Sunday, May 25, 2014

Spain, Madrid: Casa Mingo - Spanish food throughout the years

It's quite obvious that HT couple is crazy about Spain.  And it's our favorite foodie place in Europe as of date!
This time, we visited Casa Mingo, the oldest cider house in Madrid.  I'll be honest that we're not really fans of ciders but this place has more to offer so it's worth a visit.
When we, HT couple and our indian friends, got to the place there was a long queue.  As foodies, any queue is worth waiting for.  Well, that was what we're hoping for but since this place started 1888 ( and is still up and running by now...we took the chance.
We waited for about 30 minutes and got a table for four.
Here's our recommendation on what you must get:
Pollo Asado (Roasted Chicken) - 10.50 euros (table) - they have lower price (~8 euros) if taken in the bar (standing) or take away - the difference in price is quite common in Spain and Italy among others.
Chorizo a la Sidra (Chorizo cooked in cider) - ~ 3 euros (mesa)
Sidra Avilesina - ~ 6 euros for a bottle.  We tried two ciders but we like this one better. 
We got some desserts - which were pre-packed so we're not sure if they got them from the supermarket. Nevertheless, they were good. I can't remember which is which but we got the arroz con leche and the flan (which is Philippines' national dessert - i would say - thanks to the Spanish influence) - ranges from ~3-5 euros
Our foodie friends did a good research and planned this food trip in Madrid really well.  On another day we went back to Casa Mingo but this time, we went to the upper part of the restaurant.  Take note that the only way to get there is to walk outside the restaurant and look on the left where you see stairs.  It's totally separated but if you get lost, feel free to ask the waiters - but make sure to learn the key words in Spanish so you'll be directed to the right way.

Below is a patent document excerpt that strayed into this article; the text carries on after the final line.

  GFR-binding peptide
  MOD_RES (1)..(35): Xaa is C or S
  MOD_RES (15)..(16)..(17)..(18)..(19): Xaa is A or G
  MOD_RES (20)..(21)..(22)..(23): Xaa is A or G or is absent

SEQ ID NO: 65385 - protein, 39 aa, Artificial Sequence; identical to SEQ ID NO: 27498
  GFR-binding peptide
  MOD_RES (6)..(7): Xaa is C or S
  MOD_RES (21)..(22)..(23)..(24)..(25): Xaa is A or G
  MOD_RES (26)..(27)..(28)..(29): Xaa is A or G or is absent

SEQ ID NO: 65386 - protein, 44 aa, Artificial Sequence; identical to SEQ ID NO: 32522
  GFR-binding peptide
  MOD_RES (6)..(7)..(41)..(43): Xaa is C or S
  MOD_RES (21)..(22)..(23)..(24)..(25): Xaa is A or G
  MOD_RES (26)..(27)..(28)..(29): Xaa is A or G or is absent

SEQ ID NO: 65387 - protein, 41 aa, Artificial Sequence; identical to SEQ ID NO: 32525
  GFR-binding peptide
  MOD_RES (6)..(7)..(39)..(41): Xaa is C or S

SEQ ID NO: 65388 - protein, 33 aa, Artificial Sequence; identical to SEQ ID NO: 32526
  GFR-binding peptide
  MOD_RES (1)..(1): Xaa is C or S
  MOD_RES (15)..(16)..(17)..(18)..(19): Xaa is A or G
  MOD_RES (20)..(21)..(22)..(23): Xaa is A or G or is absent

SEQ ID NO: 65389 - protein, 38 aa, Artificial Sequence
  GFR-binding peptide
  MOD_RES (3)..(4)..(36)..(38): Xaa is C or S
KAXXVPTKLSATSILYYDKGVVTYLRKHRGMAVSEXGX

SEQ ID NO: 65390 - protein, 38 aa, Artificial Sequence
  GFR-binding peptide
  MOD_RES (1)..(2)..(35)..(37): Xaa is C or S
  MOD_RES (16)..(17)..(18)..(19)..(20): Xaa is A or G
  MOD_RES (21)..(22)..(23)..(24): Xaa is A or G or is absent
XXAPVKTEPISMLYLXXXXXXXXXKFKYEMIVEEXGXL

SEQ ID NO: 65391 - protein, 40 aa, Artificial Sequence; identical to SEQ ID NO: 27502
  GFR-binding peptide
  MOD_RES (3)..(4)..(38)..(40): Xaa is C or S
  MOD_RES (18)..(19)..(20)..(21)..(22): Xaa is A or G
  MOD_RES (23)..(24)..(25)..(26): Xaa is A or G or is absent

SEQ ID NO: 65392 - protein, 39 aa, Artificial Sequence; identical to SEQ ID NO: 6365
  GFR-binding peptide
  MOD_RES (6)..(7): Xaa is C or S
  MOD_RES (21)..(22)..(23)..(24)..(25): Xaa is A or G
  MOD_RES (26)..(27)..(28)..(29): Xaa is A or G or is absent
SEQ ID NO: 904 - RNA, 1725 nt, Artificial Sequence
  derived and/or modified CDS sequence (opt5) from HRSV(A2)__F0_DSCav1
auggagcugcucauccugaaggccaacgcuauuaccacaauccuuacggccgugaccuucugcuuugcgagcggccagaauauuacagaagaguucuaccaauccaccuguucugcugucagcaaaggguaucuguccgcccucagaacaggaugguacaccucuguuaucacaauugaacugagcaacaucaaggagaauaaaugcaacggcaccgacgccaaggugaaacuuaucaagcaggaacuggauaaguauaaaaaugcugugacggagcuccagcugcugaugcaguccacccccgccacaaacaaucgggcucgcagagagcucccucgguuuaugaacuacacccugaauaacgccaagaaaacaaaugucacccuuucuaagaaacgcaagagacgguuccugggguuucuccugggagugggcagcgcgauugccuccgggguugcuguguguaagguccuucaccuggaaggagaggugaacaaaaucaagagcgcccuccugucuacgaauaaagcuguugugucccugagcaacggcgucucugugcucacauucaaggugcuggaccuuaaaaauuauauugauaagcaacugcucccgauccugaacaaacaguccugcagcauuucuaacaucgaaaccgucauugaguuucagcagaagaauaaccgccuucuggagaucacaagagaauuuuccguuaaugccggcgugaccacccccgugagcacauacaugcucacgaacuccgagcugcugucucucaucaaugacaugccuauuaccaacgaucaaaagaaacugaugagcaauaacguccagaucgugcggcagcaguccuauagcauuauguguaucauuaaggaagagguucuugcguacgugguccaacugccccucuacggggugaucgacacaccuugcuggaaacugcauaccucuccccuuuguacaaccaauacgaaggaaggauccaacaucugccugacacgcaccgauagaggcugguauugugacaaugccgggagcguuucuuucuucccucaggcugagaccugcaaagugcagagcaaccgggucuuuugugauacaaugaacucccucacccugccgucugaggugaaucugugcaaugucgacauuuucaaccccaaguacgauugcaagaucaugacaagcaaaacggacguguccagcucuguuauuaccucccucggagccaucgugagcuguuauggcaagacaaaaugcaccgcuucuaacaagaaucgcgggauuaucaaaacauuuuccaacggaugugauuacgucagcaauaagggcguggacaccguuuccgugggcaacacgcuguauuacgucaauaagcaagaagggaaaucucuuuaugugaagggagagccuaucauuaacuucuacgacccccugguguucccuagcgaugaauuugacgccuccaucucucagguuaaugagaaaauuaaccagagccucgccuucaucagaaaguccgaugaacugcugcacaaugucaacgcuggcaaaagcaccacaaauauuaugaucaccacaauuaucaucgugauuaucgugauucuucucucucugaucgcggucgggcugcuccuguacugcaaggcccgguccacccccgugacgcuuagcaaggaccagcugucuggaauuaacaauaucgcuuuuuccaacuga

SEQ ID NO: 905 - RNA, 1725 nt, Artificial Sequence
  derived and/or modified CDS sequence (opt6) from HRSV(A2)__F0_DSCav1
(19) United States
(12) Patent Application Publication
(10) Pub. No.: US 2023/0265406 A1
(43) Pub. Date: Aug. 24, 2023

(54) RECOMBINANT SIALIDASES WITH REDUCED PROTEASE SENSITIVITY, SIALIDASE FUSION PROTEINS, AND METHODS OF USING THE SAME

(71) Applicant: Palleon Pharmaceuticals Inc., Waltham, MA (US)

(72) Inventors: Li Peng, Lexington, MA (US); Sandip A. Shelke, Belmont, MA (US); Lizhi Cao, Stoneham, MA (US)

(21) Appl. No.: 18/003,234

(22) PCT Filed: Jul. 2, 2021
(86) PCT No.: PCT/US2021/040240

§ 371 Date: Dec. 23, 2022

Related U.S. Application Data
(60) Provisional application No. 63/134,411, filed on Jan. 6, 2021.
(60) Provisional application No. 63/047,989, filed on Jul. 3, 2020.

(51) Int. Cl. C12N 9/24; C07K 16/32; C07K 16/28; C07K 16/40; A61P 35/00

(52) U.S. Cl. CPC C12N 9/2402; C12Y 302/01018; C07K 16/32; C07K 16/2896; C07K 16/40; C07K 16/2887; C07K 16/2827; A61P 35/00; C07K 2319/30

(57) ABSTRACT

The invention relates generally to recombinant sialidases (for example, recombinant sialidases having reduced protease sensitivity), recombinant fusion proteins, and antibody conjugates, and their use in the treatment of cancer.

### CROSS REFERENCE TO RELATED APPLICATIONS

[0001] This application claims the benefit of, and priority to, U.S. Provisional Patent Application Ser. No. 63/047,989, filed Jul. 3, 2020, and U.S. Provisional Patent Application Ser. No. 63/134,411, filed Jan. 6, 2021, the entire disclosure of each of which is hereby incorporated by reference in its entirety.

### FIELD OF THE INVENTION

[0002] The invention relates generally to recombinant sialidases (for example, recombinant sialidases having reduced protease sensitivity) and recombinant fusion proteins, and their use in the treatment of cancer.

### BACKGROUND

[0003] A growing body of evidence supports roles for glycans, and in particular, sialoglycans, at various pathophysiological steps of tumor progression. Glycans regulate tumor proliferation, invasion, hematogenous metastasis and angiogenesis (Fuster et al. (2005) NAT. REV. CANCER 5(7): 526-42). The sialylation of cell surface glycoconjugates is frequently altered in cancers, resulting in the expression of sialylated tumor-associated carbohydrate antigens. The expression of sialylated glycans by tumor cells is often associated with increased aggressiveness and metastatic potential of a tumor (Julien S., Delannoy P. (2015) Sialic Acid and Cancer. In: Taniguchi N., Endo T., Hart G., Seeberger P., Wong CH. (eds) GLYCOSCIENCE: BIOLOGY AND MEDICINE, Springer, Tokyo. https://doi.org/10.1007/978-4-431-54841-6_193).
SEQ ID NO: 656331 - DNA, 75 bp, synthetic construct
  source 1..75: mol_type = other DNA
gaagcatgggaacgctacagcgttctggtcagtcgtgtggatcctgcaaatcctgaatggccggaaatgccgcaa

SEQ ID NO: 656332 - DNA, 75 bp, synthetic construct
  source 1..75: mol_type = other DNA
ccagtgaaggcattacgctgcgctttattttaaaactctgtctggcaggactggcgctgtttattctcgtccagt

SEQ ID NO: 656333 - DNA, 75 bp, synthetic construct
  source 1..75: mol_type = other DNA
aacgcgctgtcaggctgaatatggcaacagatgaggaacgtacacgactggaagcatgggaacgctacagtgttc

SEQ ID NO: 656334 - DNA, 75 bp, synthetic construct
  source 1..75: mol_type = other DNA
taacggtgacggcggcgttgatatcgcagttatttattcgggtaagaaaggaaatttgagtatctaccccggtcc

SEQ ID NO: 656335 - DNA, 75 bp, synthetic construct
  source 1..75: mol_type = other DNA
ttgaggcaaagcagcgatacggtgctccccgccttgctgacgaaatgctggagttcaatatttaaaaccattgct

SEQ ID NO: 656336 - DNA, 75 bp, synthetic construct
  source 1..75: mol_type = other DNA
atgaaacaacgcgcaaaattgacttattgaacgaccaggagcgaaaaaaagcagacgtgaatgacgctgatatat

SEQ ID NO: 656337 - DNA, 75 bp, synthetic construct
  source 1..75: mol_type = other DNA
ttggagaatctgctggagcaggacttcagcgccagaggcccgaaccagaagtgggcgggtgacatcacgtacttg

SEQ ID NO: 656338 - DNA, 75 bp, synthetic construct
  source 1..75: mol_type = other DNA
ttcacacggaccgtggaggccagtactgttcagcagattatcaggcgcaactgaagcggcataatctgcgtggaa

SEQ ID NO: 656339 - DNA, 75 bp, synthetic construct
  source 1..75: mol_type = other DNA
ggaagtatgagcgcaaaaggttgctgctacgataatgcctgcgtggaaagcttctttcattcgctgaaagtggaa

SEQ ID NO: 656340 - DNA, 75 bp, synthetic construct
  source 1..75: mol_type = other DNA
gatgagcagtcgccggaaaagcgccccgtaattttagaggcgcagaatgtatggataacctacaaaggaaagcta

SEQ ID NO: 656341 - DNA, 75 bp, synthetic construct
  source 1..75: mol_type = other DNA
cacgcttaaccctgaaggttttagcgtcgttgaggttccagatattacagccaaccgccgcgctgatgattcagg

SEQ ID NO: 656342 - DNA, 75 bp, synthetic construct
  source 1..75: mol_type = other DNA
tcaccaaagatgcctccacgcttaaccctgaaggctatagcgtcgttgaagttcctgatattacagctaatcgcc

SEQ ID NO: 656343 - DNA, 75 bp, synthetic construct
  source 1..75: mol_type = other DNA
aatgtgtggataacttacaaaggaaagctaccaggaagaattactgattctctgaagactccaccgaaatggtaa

This place doesn't serve anything other than the Cocido Madrileño (Madrid Stew) ~15 euros (it was on the high side and we did ask if we can share, but we didn't know if they said no or they didn't understand us). 
 We didn't know what to expect and finally the first dish came. We got a bowl of soup with noodles (it was like watery misua) but it was tasty. I read that the soup is the broth of where the meat and chickpeas were boiled. And they're willing to give another serving if your tummy is asking for more.
We were waiting for the meat and veggies to arrive having the thought that it should be eaten at the same time with the soup.  After noticing the waiter was checking on us if we have finished our bowls, we assumed that it would be served thereafter.
 And yes, we got this plate consisting of chick peas, chorizo, pork fats, bone marrow, potatoes, carrots and a bed of stewed cabbage. Not your usual type of stew, but it in Madrid . We did ask for more chorizo and each of us got a small piece extra.


We got this dumpling on the side but I didn't figure out what it's made of. I've read online that after the soup this is usually served before the big plate. 
It was a nice food experience to have this type of lunch that Madrileños would have for a hearty lunch.  I'm not a fan but reading online recipes on how they do it at home, did give me a better impression.


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